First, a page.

• Age at first unprovoked seizure younger than 40 years.
  • High quality clinical and laboratory data (i.e., neuroimaging, EEG) must be available throughout the patient's history
  • All patients with localization-related epilepsy (LRE) or idiopathic generalized epilepsy (IGE) must have a first-degree relative (parent, child, or sibling) with non-symptomatic (idiopathic or cryptogenic) epilepsy who is willing and available to participate.
  • All patients with infantile spasms (IS), Lennox-Gastaut syndrome (LGS), or malformations of cortical development (MCD) must have both biological parents available and willing to participate.

Exclusion Criteria:

  • Clinical and laboratory data do not allow a clear determination of whether the patient has epilepsy, or whether the diagnosis is LRE, IGE, IS, LGS, or MCD.
  • Exclusively febrile seizures or other acute symptomatic seizures.
  • Identified antecedent cause of epilepsy (i.e., a structural or metabolic insult to the CNS prior to the first unprovoked seizure, such as stroke, brain tumor, severe head trauma, etc., or a progressive neurodegenerative disorder).
  • Recognized genetic syndrome (e.g., tuberous sclerosis, neurofibromatosis, Rett's or Angelman's syndromes) or chromosomal abnormality. (e.g., aneuploidies, unbalanced translocations, or chromosomal deletions and duplications detectable by conventional medical karyotyping).
  Contacts and Locations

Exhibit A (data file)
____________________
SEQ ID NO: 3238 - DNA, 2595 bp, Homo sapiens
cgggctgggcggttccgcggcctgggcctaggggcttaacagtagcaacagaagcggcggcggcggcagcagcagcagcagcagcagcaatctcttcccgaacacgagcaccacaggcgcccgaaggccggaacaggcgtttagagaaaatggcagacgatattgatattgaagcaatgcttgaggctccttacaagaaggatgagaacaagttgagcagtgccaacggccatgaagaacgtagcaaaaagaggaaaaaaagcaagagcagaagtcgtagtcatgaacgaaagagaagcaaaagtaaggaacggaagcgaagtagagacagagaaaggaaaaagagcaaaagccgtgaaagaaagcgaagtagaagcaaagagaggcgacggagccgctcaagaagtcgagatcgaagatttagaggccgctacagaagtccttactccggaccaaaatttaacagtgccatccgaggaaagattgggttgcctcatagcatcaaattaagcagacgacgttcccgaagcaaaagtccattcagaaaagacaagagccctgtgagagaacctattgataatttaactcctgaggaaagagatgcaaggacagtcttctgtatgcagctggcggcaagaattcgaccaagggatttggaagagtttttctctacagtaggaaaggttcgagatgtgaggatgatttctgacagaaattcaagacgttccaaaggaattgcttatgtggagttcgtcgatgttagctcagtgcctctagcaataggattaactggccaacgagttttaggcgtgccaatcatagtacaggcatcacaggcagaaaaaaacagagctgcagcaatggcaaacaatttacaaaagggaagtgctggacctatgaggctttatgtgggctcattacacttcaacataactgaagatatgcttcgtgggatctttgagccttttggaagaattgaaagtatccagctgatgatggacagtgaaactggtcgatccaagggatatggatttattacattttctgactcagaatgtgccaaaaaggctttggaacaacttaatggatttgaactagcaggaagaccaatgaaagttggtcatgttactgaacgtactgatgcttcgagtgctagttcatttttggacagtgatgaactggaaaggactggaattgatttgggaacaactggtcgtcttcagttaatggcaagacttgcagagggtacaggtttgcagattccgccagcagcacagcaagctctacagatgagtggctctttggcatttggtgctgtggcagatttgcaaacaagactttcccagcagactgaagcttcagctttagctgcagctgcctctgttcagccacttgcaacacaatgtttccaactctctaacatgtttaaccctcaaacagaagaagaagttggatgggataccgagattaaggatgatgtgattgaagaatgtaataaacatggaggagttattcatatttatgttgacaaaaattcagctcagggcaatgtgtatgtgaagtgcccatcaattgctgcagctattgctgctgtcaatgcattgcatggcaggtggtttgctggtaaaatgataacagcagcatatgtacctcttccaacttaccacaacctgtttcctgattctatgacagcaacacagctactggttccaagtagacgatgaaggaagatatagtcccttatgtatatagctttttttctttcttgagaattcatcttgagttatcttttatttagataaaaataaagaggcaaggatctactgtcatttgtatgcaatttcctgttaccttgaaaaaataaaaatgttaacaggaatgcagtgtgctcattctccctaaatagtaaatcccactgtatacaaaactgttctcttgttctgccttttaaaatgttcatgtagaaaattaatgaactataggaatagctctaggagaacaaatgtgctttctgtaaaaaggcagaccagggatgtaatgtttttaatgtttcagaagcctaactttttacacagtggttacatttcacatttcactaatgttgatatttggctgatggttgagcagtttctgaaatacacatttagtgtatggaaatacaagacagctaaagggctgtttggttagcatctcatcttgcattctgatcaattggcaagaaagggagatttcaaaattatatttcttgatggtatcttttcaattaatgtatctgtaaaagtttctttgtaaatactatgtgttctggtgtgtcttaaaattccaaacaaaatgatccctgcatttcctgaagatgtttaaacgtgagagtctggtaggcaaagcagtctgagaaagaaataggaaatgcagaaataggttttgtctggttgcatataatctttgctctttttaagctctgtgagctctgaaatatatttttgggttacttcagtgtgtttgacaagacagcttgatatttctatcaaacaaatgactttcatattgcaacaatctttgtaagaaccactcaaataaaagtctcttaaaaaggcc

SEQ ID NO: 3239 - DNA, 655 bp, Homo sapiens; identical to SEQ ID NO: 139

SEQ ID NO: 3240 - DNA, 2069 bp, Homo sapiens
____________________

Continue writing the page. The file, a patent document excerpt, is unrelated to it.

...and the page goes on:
Please refer to this study by its ClinicalTrials.gov identifier: NCT00552045

  Show 25 Study Locations
Sponsors and Collaborators
University of California, San Francisco
Investigators
Principal Investigator: Daniel Lowenstein, MD University of California, San Francisco, Department of Neurology
Principal Investigator: Ruben Kuzniecky, MD New York University, Comprehensive Epilepsy Center
  More Information

Additional Information:
No publications provided

Responsible Party: University of California, San Francisco
ClinicalTrials.gov Identifier: NCT00552045     History of Changes
Other Study ID Numbers: 1R01NS053998-01A1, CRC, 1R01NS053998
Study First Received: October 30, 2007
Last Updated: January 15, 2014
Health Authority: United States: Federal Government

Keywords provided by University of California, San Francisco:
infantile spasms
epilepsy
localization-related epilepsy
idiopathic generalized epilepsy
Lennox-Gastaut syndrome
polymicrogyria
periventricular heterotopias
malformations of cortical development
phenome
genome
genotype
phenotype

Additional relevant MeSH terms:
Spasm
Spasms, Infantile
Choristoma
Epilepsy
Epilepsies, Partial
Mental Retardation
Malformations of Cortical Development
Periventricular Nodular Heterotopia
Pathological Conditions, Anatomical
Brain Diseases
Central Nervous System Diseases
Nervous System Diseases
Neuromuscular Manifestations
Neurologic Manifestations
Signs and Symptoms
Epilepsy, Generalized
Neurobehavioral Manifestations
Mental Disorders Diagnosed in Childhood
Mental Disorders
Nervous System Malformations
Congenital Abnormalities
Neuronal Migration Disorders

ClinicalTrials.gov processed this record on April 17, 2014